Reported in the current issue of the Journal of Ocean Knowledge and Experience, a newly discovered species of cephalopod (squid, octopus, cuttlefish) wordlessly demonstrates the ability to feel and express empathy for the human scientists conducting the research. The animals inhabit one small area of Kimbe Bay in the poorly surveyed Coral Triangle off the coast of Papua New Guinea. Individuals photographed in the wild along with the three now residing in an enclosure at the New Britain Research Aquaria resemble octopus but with seven rather than the typical eight legs, one especially long and thin limb sprouting from the top of the head. They are large, about the size of a Volkswagen Beetle, and purple-gray colored. It is that extra-long leg which led to the remarkable discovery.

Dr. Joan Swift was initially startled and then intrigued when, after receiving some bad news about her personal life (details not made available), the three in her tank actually reached their long legs out of the water to, in her words, “tap me reassuringly on the shoulder and eventually embrace me in what was obviously intended as a hug. If a coworker had done it, I might have been moved but probably would have reported them to HR. Since this was my test subject, however, I had no rule-book to follow.”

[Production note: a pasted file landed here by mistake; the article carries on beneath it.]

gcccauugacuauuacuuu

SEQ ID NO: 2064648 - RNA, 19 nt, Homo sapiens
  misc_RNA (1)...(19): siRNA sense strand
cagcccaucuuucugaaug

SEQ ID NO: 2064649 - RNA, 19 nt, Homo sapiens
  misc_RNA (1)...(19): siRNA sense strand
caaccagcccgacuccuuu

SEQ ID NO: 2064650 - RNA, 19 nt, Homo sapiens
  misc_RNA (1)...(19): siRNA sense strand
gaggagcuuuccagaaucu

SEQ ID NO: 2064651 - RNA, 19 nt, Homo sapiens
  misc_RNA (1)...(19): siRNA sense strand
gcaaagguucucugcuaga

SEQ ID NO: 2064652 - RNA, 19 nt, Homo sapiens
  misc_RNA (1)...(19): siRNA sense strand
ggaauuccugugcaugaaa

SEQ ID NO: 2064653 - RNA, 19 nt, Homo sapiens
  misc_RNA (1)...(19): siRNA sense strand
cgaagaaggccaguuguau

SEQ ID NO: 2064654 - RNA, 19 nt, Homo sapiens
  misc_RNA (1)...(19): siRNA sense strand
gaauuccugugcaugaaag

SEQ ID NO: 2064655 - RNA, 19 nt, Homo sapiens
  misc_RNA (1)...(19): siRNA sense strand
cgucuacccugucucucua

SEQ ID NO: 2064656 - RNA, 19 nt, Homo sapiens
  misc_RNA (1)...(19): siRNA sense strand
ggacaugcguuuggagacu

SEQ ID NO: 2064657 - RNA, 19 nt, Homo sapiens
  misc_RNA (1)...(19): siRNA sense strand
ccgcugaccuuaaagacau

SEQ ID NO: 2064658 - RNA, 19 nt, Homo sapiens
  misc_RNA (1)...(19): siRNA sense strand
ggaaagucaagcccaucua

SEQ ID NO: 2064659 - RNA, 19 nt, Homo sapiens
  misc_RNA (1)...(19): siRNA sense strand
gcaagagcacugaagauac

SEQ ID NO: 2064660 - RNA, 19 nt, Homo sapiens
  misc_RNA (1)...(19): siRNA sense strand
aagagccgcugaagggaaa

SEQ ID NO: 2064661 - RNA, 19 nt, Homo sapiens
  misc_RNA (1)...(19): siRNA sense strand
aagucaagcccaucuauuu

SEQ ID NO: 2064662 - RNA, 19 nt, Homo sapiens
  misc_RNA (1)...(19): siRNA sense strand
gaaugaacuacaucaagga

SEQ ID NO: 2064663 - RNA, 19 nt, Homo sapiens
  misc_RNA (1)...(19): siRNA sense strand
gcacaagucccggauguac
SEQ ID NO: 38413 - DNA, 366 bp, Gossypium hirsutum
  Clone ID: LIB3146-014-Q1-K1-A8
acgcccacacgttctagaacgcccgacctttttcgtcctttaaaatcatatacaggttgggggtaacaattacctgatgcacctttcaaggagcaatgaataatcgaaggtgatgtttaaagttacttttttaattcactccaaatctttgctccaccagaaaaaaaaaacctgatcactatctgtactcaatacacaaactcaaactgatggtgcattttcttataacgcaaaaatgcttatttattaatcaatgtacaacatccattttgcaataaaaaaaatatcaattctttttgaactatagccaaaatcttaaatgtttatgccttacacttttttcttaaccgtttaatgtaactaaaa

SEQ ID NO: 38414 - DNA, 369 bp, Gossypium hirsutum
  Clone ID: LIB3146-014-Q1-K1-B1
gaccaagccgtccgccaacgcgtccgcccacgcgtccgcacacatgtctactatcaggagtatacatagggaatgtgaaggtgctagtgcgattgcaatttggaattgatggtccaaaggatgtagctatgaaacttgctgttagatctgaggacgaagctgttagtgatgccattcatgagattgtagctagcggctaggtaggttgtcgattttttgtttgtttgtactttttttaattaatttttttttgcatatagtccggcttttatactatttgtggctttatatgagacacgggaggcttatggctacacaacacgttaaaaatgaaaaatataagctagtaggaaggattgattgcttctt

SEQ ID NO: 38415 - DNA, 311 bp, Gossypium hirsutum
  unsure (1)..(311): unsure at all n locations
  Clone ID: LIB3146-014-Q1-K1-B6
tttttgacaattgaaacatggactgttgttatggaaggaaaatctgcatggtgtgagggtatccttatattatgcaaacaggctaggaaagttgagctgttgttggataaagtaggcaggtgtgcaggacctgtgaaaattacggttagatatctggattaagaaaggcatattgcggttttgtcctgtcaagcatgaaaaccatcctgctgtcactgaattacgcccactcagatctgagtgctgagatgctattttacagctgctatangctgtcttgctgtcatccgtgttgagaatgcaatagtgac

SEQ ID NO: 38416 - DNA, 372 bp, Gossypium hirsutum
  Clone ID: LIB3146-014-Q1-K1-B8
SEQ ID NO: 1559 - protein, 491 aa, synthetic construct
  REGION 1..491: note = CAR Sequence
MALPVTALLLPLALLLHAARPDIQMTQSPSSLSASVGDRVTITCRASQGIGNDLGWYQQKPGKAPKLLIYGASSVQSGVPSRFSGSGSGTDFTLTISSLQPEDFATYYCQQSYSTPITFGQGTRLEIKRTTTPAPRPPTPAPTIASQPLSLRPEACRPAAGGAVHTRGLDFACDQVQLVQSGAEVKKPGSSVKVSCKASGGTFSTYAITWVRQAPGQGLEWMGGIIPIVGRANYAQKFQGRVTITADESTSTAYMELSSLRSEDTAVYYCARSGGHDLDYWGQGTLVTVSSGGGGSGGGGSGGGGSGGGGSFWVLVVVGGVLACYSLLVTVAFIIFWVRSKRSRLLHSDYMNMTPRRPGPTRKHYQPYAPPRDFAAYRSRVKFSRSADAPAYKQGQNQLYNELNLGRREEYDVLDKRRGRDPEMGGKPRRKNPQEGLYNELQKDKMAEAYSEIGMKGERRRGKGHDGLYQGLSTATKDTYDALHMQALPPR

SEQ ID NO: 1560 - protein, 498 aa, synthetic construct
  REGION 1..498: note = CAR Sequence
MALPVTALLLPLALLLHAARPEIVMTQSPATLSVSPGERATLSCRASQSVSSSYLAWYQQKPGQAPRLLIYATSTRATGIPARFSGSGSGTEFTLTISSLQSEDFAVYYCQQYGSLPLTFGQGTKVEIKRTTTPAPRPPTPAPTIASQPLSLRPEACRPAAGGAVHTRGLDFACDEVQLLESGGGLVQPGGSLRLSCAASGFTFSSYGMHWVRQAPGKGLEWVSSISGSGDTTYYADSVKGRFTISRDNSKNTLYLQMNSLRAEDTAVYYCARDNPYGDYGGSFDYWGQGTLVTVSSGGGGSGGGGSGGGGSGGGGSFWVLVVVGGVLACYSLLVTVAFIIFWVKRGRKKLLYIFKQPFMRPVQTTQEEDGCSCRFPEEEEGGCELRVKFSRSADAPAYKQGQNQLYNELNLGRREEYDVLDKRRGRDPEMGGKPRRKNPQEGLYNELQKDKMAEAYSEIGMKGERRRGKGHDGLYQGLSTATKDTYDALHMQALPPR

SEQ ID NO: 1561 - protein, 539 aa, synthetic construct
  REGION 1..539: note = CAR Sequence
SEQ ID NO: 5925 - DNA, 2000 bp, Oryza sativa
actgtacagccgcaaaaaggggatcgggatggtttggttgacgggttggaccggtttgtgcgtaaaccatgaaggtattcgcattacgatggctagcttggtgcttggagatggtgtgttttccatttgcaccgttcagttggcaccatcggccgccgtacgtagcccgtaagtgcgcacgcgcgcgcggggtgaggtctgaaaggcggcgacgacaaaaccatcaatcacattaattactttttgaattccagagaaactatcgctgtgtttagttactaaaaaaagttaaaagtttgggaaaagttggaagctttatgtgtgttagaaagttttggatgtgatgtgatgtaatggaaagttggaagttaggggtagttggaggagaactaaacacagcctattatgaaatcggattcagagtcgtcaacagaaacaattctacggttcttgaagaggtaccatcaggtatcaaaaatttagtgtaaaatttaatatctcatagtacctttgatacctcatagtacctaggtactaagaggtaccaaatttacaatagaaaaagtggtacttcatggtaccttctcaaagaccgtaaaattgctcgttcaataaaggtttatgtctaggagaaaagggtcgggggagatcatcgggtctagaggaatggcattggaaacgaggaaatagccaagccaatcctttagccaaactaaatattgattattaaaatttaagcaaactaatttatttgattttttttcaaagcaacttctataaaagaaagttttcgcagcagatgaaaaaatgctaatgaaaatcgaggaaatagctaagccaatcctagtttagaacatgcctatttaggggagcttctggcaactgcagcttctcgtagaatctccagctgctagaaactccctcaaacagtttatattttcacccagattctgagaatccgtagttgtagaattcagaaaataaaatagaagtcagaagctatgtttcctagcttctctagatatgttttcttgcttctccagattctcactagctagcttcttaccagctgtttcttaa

As perceptive readers might by now suspect, everything I’ve written about this fictional creature is a lie. (First clue: the report was cited as published in the Journal of Ocean Knowledge and Experience, or JOKE. Puh-lease!) No seven-legged coral reef dwelling saltwater empath has been discovered (yet). And animals can’t express wordless empathy, right…? Obviously wrong. Getting a wordless hug from a giant purple squid-cousin would be world-altering biological news, sure, but no matter how much we appreciate their love, most of us take for granted the fact that the animals who share our homes routinely express compassionate concern for their people. Empathy for their own kind and for others has been documented not only in dogs and cats, but also elephants, rats, gorillas, dolphins, horses, some species of parrots, and many more animals to the point that some researchers consider the trait common, our list limited only by humans’ inability to recognize it.


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